Monday, May 31, 2010
The Angels' Wasted Sleepless Nights
There was a fringe hit on mid-80s FM radio that had, for me, a virulently infectious opening:
I don't wanna face
The singer sounded like a badly hungover, pre-morning-cigarette Mark Knopfler, and for the past quarter-century whenever I've woken up to an unpleasant scene, that's what I'd sing before hitching up my pants and getting on with it. Couldn't tell you who sung it originally, though.
Last month, as the Gulf of Mexico took on Chernobyl-like proportions, I determined to warm up Google and give my memory cells a kick. “Face The Day” was sung by an Australian band called The Angels (fronted by Doc Neeson, whose vocal stylings suggested Tom Petty channeling his self-pity into psychotic aggression), known to North Americans as Angel City. After a little more scrounging I reluctantly headed over to That Repository of Legally Sold Media Files. The real surprise came when I played the song-clips on offer: The Angels were anything but one-hit wonders. There were a half-dozen songs that immediately refreshed themselves in my memory — songs that I'd completely dug, back in the day. I hit “Buy Album,” figuring the odds were good I'd like the unheard material, too.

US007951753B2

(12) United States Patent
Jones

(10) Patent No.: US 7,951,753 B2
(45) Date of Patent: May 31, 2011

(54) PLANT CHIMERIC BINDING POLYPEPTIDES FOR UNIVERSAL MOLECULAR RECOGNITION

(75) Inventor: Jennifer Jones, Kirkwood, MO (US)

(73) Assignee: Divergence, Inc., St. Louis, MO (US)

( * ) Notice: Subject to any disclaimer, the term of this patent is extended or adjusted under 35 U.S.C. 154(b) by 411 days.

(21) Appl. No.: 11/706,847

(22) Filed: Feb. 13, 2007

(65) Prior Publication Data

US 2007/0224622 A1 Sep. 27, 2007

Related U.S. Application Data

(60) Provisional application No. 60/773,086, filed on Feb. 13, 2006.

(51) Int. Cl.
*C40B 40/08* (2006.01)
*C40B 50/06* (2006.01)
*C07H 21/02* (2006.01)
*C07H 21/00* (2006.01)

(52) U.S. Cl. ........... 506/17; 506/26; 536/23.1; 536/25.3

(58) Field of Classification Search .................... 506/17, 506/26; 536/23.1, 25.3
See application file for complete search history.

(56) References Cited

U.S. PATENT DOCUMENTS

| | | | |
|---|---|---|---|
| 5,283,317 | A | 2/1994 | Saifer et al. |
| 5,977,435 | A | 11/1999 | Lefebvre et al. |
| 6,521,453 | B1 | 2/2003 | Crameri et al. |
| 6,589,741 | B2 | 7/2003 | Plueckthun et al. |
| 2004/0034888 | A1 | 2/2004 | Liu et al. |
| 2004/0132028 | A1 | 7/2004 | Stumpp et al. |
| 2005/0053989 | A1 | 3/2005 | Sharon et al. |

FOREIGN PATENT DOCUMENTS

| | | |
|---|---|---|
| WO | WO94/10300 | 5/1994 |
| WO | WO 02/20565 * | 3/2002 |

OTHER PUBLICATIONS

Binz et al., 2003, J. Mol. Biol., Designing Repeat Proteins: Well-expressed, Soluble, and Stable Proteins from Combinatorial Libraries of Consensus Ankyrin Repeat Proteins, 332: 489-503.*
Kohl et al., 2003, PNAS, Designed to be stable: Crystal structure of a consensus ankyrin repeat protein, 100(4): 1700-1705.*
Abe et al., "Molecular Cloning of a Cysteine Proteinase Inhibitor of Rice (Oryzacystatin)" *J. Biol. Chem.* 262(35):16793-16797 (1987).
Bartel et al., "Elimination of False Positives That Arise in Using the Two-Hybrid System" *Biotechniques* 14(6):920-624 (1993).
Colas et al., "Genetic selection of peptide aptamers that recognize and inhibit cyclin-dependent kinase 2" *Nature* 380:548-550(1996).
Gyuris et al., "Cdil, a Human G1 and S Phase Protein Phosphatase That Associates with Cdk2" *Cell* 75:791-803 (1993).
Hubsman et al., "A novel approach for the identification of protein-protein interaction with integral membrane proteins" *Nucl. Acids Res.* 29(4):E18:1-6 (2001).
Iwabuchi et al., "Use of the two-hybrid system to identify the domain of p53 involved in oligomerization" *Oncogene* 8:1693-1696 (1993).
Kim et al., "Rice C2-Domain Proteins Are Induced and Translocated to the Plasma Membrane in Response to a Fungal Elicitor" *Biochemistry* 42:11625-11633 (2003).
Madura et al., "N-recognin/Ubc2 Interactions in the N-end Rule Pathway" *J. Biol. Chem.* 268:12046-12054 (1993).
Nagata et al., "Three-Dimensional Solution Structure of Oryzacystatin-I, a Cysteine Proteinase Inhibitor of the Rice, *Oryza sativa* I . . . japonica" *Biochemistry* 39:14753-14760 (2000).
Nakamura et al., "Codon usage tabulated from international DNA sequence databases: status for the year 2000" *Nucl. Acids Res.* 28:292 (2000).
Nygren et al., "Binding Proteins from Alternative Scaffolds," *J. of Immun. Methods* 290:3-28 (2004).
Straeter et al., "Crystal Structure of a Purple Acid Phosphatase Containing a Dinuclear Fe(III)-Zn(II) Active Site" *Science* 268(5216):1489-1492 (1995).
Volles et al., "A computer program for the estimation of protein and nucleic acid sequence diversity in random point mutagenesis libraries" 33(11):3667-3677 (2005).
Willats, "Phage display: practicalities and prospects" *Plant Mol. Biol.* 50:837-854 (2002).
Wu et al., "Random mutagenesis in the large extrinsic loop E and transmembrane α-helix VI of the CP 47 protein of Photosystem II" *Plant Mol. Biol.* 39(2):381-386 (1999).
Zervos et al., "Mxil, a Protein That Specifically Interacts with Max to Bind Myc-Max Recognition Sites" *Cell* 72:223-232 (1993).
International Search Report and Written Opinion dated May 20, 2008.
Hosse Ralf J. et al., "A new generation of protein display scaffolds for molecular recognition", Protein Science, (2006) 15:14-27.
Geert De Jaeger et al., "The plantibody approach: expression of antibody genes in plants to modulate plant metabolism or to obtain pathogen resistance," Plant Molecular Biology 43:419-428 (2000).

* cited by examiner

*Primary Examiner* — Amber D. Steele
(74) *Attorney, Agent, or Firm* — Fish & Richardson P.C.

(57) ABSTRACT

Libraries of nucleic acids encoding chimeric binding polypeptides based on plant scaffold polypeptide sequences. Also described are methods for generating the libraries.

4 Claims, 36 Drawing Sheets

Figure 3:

I do. Wasted Sleepless Nights (A) is currently the most-played album in my collection. The songs on Wasted Sleepless Nights are structured on a solid four-four hard-rock ("chk-chk chk-chk") groove. The lyrics tend to be stream-of-consciousness riffs, low on decipherable content but plenty high on snarling attitude. The later tracks are the ones that sound the most dated: the re-hash of “We've Gotta Get Out Of This Place” is bloated with Frankie Goes To Hollywood synth-horns, and “Back Street Pick Up” is pointedly injected with (again) a synthesizer track pulled directly from ZZ Top's Eliminator. The early stuff, however, flat-out rocks: it's all infectious, but “Take A Long Line” “I Ain't The One” and “Marseilles” are absolute show-stoppers.
According to the Wiki and their own website, The Angels formed in the late 70s, and spent the 80s and 90s touring the world and opening for absolutely everyone. Outside Australia, however, The Angels garnered little more than a few FM radio hits. God only knows why these guys didn't become huge but I'm grateful for it — for entirely selfish reasons, of course. Unlike the many acts they opened for, the Angels' music hasn't worn out its welcome with media over-saturation. Wasted Sleepless Nights stands a very good chance of being this year's Dirty Diamonds.